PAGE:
“I am overwhelmed!” exclaimed Jillian.  “Overwhelmed!”

Jillian relates, “We served over 82,000 hot meals this past year. Our Care and Advocacy programs include counseling, the use of laundry appliances and showers for our patrons.  We strive to motivate our clients to self-sufficiency and a better life.”

Eagle Home After Maintenance

The Coast Guard barque Eagle docked at Fort Trumbull after recent repairs.

The Coast Guard barque Eagle docked at Fort Trumbull after recent repairs. (Photo by Jon Persson)

The U.S. Coast Guard Cutter Eagle departed Naval Submarine Base New London and returned to her home mooring at Fort Trumbull in New London, Thursday, December 20.

Eagle arrived at the base September 26 and began a three-month dockside maintenance availability period.  The $3.4 million dollar project included a complete renewal of the 132-foot mizzen-mast, an overhaul of the main steering station, significant structural refurbishments, and major berthing area modifications.

At Fort Trumbull, the Eagle crew will finish the ship’s required annual maintenance period and begin preparing for the spring and summer training deployments.  As part of the preparations, Eagle will undergo the bi-annual Command Assessment of Readiness and Training and Tailored Ships Training Availability inspections to ensure the ship is safe and the crew is properly trained for all operations.

Eagle worked closely with the Coast Guard yard and the Naval Submarine Base in preparation for this dockside availability.  After being away from homeport for more than 265 days during fiscal year 2012, Eagle was able to remain in Southeastern Connecticut and complete all required maintenance.  Eagle has moored at SUBASE for hurricane avoidance and mitigation in the past, but this is the first time in more than 20 years that the ship has completed a major maintenance period at the submarine base.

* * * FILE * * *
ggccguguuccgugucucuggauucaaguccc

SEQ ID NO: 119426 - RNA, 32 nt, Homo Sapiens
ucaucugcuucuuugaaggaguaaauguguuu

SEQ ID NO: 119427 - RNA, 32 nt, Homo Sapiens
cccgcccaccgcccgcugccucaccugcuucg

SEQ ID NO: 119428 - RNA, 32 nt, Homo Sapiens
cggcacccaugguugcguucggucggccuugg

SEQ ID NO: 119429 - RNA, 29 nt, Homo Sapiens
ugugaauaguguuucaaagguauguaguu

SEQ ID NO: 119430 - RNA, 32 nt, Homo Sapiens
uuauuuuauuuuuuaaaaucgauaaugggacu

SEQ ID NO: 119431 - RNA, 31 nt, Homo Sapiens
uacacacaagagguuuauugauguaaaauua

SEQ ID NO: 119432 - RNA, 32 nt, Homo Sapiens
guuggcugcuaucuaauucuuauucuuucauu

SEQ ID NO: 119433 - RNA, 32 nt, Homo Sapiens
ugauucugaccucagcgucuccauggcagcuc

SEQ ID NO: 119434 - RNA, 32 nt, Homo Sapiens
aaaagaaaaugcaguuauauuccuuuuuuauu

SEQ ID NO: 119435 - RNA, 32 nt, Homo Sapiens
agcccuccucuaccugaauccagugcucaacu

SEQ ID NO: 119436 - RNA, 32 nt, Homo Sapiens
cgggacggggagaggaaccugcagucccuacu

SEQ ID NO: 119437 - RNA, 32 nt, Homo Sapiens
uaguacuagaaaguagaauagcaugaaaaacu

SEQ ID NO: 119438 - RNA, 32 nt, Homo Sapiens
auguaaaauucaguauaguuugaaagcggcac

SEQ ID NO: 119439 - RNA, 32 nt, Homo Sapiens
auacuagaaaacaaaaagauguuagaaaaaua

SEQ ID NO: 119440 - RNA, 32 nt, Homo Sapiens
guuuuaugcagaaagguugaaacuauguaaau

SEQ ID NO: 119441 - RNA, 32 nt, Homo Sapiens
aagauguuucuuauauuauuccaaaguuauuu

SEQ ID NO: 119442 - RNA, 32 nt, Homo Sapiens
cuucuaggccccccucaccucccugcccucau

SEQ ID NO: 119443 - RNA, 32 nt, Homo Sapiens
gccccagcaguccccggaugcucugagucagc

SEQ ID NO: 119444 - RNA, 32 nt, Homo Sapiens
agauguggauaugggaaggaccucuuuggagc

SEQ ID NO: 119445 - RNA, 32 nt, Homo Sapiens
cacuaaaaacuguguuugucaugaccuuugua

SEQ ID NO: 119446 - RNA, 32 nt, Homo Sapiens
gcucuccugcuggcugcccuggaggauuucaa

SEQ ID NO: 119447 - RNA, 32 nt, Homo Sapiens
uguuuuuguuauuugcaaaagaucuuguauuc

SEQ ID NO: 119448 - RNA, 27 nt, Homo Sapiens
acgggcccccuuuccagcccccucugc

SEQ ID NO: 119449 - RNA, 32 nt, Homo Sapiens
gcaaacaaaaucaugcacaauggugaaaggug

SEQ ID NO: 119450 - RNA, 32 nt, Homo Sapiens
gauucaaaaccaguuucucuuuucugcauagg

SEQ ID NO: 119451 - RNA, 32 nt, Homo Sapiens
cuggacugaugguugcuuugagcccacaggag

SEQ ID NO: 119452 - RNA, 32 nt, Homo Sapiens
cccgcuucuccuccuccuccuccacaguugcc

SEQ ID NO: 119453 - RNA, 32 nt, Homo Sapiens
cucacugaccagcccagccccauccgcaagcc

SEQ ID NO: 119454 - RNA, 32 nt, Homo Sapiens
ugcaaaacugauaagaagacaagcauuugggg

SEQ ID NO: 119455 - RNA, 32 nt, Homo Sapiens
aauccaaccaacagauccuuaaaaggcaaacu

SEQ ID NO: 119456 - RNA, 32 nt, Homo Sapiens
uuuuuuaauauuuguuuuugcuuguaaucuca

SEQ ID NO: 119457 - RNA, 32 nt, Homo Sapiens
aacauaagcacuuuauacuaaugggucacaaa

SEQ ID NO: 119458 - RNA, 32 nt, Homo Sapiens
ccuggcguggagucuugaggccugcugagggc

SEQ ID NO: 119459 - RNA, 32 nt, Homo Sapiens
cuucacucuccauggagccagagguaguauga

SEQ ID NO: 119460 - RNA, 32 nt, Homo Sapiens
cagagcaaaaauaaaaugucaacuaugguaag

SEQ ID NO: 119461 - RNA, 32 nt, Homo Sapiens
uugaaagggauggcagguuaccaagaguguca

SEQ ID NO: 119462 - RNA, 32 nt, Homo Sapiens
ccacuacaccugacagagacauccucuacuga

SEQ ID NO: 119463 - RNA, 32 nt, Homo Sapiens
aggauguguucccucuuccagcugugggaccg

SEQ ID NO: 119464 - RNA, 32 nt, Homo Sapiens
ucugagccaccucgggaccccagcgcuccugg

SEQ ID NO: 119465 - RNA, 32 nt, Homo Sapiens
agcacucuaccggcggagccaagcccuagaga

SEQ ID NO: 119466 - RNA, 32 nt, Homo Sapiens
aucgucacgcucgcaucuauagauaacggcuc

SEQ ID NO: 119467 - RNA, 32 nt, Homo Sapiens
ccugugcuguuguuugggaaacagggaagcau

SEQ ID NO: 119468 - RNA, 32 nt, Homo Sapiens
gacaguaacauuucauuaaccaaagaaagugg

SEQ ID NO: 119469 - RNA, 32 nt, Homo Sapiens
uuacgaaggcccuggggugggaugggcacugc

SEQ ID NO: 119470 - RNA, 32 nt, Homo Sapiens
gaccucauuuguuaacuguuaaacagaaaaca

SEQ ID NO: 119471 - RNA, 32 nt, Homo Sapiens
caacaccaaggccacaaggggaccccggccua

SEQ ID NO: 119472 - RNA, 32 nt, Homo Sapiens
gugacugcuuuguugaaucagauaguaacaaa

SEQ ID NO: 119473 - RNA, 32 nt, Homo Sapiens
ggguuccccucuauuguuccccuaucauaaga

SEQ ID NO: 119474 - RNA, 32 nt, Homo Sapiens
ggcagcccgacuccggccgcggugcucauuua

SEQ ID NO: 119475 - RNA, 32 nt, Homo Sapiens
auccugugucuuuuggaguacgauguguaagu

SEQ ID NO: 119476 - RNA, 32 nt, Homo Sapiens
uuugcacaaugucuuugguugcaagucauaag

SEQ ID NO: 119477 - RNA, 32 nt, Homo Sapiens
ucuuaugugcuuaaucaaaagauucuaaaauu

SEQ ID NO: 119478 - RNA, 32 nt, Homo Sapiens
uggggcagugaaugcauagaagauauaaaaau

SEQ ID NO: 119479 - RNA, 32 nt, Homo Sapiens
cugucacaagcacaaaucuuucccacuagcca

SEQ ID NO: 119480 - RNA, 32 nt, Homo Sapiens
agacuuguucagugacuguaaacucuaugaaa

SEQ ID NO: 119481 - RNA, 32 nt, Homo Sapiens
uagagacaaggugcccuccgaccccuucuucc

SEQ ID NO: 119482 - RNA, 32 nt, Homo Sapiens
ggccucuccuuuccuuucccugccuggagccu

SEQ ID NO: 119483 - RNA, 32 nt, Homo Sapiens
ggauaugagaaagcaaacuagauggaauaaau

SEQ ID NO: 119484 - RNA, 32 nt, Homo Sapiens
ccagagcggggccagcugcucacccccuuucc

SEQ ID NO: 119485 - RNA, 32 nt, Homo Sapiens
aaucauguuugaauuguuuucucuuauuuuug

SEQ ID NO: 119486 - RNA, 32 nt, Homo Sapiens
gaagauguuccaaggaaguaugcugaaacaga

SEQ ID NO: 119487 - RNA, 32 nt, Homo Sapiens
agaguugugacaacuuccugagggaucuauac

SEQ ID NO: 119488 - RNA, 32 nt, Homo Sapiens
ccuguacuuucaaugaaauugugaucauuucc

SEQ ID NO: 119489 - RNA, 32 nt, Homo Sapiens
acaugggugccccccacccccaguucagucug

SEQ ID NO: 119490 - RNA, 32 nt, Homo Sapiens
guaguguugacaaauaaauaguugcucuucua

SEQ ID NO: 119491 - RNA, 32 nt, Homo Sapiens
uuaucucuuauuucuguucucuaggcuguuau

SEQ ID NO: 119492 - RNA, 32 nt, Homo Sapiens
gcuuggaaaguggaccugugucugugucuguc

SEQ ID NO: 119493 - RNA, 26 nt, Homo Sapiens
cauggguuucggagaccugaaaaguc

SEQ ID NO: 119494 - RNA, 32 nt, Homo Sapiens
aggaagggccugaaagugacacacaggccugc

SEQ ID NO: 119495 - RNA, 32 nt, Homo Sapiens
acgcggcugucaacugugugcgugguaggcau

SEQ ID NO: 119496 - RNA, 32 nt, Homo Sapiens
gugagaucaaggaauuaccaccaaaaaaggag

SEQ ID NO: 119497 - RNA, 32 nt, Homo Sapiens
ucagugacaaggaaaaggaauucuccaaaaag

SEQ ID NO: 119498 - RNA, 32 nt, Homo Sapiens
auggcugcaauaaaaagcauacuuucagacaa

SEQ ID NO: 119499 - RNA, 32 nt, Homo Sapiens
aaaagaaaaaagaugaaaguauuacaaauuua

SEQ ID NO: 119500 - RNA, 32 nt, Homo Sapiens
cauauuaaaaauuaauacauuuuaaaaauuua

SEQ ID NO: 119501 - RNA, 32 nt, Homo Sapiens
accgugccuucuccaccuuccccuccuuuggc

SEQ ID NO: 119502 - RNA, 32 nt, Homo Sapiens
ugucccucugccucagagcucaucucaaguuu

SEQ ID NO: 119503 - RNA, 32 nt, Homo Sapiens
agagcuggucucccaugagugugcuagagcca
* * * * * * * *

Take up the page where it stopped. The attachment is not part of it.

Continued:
“Without the much-appreciated assistance from our friends at Groton, Eagle would have needed to return to the Coast Guard Yard facility in Baltimore this winter in order to complete this necessary maintenance,” said Capt. Raymond Pulver, Eagle’s commanding officer, “The Navy welcomed us with open arms and truly made us feel at home during our time in Groton.  Their support was integral to being able to care for our crew and let them spend a little more time at home with their families before getting back underway for the 2013 training deployments.  We are genuinely grateful for their cooperation in making life on Eagle a little bit more comfortable for the crew this year.”

At 295 feet in length, the Eagle, known as “America’s Tall Ship,” is the largest tall ship flying the stars and stripes and the only active square-rigger in U.S. government service.  Constructed in 1936 by the Blohm and Voss Shipyard in Hamburg, Germany, and originally commissioned as the Horst Wessel by the German Navy, the Eagle was taken by the United States as a war reparation following World War II.